Eviction is a drastic procedure for both the tenant and the landlord. After all, upon eviction, the tenants are forced to leave the rented property with all their belongings, with all its far-reaching consequences. The landlord may therefore not simply proceed with eviction if the tenant fails to fulfil his obligations under the rental contract. Although eviction is not explicitly regulated by law, strict rules do apply to this procedure.
In order to be able to proceed with eviction, the landlord must receive an eviction order from the court. This court order includes permission to have the rented property evicted on a date determined by the court. If the tenant does not agree with the eviction order, the tenant can appeal against this court order . Lodging an appeal usually suspends the effect of the court order and thus eviction, until the appeal court has decided on this. However, if the eviction order of has been declared enforceable by the court, the tenant’s appeal will not lead to suspension and the landlord can proceed with eviction. This course of events does pose a risk to the landlord if the appeal court decides otherwise on eviction.
Before the court grants permission for eviction, the landlord must have terminated the rental contract. The landlord can terminate through the following methods:
For this method of termination, there must be a shortcoming of the tenant in the fulfilment of his obligations from the relevant rental contract, in other words default. This is the case if the tenant, for example, creates a rent arrears or causes unlawful nuisance. The tenant’s shortcoming must be sufficient so that dissolution of the rental contract is justified. If the rented property concerns a residential space or a medium-sized business space, the tenant will enjoy protection in the sense that dissolution can only take place through the court procedure.
This is another way of termination. The requirements that the landlord must meet in this context depend on the type of rented property. If the rented property concerns a residential space or a medium-sized business space, the tenant benefits from protection in the sense that the cancellation only takes place on a number of exhaustive grounds as referred to in Article 7:274 and 7:296 of the Dutch Civil Code. One of the grounds that can be invoked in both cases is, for example, urgent personal use of the rented property. In addition, various other formalities, such as deadlines, must be observed by the landlord.
Is the rented space other than living space or medium-sized business space, namely a 230a business space? In that case, the tenant does not enjoy rental protection as referred to above and the landlord can effect termination of the rental contract relatively quickly and easily. However, this in no way applies to eviction. After all, a tenant of a so-called 230a business space is entitled to eviction protection under Article 230a of the Dutch Civil Code in the sense that the tenant can request an extension of the eviction period by a maximum of one year within two months of the written notice of eviction. Such a request can also be made to the tenant who has already left or vacated the rented space. If the tenant has filed a request for an extension of the eviction period, the assessment of this request will be made with a balance of interests. The court will grant this request if the interests of the tenant are seriously damaged by eviction and must outweigh the interests of the landlord to use the rented property. If the court rejects the request, no appeal or cassation is open to the tenant against this decision. This is only different if the court has wrongly applied or has not applied Article 230a of the Dutch Civil Code.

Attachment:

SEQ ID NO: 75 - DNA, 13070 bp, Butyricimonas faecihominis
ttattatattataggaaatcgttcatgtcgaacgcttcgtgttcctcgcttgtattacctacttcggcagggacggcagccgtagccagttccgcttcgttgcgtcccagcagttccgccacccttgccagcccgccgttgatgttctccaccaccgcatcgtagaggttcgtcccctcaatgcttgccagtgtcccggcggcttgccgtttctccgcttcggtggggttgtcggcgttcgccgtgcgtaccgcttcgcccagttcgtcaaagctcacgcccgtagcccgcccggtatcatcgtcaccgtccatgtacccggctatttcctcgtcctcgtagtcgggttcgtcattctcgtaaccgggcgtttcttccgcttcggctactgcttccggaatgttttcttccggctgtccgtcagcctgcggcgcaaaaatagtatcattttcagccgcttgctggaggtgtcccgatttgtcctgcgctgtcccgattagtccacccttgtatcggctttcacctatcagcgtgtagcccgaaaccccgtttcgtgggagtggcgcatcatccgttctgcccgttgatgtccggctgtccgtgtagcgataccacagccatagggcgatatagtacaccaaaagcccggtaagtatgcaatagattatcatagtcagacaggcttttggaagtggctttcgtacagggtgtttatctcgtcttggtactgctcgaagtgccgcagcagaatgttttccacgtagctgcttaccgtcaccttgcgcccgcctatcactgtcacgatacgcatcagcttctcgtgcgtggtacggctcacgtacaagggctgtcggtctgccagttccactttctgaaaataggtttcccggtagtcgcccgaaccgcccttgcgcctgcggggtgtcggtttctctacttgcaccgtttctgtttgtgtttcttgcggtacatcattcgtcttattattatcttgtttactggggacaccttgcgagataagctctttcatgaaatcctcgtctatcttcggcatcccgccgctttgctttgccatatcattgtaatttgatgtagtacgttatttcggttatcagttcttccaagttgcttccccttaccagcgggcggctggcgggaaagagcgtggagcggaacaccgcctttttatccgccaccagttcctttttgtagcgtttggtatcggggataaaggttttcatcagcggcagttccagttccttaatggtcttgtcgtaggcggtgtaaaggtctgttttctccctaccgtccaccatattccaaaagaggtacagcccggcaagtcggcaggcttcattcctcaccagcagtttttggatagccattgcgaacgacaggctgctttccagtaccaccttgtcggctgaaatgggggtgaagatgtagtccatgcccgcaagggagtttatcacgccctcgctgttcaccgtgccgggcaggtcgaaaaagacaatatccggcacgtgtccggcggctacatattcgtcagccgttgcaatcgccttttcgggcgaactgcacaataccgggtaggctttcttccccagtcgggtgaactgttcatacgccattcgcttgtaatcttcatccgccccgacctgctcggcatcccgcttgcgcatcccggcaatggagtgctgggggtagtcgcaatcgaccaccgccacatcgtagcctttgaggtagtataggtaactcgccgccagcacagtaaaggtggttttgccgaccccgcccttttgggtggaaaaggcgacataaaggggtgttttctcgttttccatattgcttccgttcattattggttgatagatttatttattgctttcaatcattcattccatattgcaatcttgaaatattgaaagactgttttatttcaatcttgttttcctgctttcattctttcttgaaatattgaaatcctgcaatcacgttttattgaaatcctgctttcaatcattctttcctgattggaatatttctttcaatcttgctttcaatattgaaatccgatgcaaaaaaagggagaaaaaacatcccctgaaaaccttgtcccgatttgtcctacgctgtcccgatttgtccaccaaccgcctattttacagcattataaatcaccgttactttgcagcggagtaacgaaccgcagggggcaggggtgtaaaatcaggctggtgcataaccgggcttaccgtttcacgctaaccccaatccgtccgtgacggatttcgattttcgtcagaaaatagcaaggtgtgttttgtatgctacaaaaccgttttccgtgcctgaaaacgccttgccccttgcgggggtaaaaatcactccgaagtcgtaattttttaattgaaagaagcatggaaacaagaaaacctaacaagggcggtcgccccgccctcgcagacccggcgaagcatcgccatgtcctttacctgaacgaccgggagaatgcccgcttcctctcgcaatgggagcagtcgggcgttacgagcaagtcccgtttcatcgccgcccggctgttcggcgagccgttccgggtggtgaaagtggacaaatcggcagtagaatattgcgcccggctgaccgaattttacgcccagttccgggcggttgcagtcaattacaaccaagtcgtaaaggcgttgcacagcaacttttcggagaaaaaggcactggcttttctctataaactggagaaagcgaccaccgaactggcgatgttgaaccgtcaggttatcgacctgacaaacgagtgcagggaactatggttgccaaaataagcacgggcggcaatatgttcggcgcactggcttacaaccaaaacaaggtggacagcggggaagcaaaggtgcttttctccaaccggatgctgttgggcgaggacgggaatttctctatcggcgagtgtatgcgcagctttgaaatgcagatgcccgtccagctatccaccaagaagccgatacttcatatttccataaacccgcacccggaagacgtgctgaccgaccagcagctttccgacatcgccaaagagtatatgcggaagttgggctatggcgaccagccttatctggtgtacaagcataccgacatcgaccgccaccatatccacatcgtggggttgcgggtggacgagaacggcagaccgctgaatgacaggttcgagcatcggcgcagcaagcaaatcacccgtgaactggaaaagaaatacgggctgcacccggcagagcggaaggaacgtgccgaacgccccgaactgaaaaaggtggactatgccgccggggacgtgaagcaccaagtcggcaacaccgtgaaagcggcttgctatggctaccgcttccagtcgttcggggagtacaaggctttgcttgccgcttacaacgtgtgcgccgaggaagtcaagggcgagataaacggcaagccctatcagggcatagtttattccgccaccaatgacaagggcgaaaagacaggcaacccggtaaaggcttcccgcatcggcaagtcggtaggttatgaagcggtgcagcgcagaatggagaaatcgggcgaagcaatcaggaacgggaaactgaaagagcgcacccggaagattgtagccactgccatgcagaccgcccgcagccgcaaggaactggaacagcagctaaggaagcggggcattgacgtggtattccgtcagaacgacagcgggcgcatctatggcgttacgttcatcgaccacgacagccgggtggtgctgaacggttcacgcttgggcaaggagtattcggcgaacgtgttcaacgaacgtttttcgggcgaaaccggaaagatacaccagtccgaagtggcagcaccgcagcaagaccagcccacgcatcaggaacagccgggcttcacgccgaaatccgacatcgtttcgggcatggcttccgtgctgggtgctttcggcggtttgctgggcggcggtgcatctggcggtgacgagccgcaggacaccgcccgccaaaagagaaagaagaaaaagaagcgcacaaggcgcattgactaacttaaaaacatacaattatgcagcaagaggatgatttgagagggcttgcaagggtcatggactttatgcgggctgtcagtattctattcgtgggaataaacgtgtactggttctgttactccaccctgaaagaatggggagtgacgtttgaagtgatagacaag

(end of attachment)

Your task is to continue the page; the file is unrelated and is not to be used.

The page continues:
If the landlord has correctly completed all the necessary steps in the eviction procedure and the court grants his permission to evict the rented property, this does not mean that the landlord may proceed with eviction himself. If he does, the landlord will often act unlawfully towards the tenant, so that the tenant can claim compensation in that case. The court’s permission only means that the landlord may have the rented property evicted. This means that the landlord must employ a bailiff for eviction. The bailiff will also serve the eviction order to the tenant, giving the tenant a last chance to leave the rented property himself. If the tenant does not do this, the costs for actual eviction will be borne by the tenant.
Do you have questions about or do you need legal assistance in the eviction procedure? Please contact Law & More. Our lawyers are experts in the field of tenancy law and are happy to provide you with advice and / or assistance in the eviction procedure.